Biofuels, Engines continued from page 7
Mechanical engineers are running state-of-the-art, electronically controlled engines fueled with new biofuels to measure performance, emissions and efficiency. Their work includes:
4 Conducting engine dynamometer tests to validate the
model predictions of combustion characteristics, and measure gaseous emissions and fuel conversion efficiency,
4 Applying computational fluid dynamics models with
detailed chemical kinetics to simulate complex combustion and emissions processes, and
4 Using visualization tools to conduct in situ analysis of combustion characteristics.
Argonne mechanical engineer Doug Longman uses a volt meter to check the electronic system on a modern diesel engine. The research team will use Argonne’s engine testing facilities to measure the performance and emissions of newly developed biofuels.
Life Cycle Analysis and Process Economics
Environmental system analysts are tracing the environmental impact of various fuel and engine combinations using Argonne’s GREET (Greenhouse gases, Regulated Emissions, and Energy use in Transportation) modeling software. This work includes:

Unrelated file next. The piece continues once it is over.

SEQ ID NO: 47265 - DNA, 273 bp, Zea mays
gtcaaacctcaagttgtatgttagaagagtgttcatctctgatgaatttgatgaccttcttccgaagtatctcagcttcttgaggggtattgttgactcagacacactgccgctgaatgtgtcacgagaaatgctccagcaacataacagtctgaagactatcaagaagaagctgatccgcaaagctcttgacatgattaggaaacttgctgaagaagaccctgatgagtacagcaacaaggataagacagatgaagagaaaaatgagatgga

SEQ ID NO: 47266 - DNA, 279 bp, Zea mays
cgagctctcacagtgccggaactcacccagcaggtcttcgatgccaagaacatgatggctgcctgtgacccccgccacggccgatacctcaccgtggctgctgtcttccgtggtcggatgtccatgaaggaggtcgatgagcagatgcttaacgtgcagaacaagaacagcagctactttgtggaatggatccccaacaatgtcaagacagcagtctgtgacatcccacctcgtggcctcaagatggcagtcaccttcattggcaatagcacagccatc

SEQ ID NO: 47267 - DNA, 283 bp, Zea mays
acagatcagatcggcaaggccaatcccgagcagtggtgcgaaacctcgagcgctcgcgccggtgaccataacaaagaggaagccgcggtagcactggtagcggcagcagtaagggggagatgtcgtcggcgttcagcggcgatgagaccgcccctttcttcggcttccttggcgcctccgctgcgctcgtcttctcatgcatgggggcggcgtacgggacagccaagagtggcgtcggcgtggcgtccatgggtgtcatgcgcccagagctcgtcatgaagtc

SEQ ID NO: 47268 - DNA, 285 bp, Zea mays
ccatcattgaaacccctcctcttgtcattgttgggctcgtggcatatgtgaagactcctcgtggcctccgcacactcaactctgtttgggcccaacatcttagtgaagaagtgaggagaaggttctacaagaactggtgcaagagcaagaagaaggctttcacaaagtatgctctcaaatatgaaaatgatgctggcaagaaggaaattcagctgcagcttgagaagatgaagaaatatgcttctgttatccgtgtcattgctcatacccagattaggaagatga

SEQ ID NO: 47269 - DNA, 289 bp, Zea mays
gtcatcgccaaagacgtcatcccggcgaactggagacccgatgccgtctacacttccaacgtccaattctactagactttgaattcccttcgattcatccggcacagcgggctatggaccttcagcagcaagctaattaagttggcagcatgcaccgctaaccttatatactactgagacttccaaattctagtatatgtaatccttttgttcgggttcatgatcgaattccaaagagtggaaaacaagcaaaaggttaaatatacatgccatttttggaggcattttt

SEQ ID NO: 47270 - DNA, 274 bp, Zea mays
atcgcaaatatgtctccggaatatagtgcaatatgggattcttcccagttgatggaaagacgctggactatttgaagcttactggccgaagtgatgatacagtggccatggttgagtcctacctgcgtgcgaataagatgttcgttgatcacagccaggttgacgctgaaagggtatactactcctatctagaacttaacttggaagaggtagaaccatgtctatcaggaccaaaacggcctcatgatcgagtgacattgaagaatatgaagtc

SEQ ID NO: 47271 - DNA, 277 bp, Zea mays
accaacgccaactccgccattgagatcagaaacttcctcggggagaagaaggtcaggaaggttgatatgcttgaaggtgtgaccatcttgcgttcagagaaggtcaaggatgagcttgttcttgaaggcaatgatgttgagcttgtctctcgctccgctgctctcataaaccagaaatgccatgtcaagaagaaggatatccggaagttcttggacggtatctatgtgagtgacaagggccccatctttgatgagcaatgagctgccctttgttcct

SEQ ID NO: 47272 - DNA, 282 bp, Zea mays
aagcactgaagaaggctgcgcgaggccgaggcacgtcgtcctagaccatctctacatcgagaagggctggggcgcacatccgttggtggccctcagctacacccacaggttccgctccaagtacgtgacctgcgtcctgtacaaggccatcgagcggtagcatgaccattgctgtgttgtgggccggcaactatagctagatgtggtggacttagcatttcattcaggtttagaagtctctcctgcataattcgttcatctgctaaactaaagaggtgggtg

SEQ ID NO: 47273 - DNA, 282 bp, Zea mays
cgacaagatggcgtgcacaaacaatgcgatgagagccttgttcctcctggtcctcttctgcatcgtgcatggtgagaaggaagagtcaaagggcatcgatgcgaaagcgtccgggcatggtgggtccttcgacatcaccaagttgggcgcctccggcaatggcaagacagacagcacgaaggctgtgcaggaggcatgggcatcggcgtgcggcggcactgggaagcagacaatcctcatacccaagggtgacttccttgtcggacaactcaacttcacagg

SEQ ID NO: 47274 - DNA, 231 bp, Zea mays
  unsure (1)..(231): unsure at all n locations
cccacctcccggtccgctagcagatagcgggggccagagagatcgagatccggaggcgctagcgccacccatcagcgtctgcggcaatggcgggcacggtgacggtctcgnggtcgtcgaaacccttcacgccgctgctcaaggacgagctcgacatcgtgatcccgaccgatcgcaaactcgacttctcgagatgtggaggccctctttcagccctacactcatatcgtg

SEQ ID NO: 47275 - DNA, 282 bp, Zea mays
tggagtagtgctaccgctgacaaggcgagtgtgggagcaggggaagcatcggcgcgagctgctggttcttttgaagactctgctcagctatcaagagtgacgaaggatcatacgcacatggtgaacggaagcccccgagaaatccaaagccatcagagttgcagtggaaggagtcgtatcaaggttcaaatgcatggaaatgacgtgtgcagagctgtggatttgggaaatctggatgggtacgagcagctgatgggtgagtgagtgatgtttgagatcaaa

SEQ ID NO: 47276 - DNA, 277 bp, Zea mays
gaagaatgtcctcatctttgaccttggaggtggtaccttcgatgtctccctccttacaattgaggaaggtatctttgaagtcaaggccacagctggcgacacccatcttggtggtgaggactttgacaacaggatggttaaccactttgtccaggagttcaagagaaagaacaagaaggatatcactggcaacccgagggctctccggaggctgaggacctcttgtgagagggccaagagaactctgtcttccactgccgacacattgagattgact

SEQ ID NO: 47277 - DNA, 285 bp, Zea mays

4 Calculating the total energy consumption of new fuel/ engine scenarios,
4 Determining greenhouse gas emissions and other criteria pollutants,
4 Comparing the environmental impacts of fuels and engines on a full life cycle basis,
4 Considering the implications on water use, water quality, land use and co-product production, and
4 Developing models for the cost of commercial-scale fuel production.
Funding for this project was provided by the U.S. Department of Energy, Office of Energy Efficiency and Renewable Energy, Biomass and Vehicle Technologies Programs, and the Office of Science, Basic Energy Sciences Program.
For more information, contact Doug Longman firstname.lastname@example.org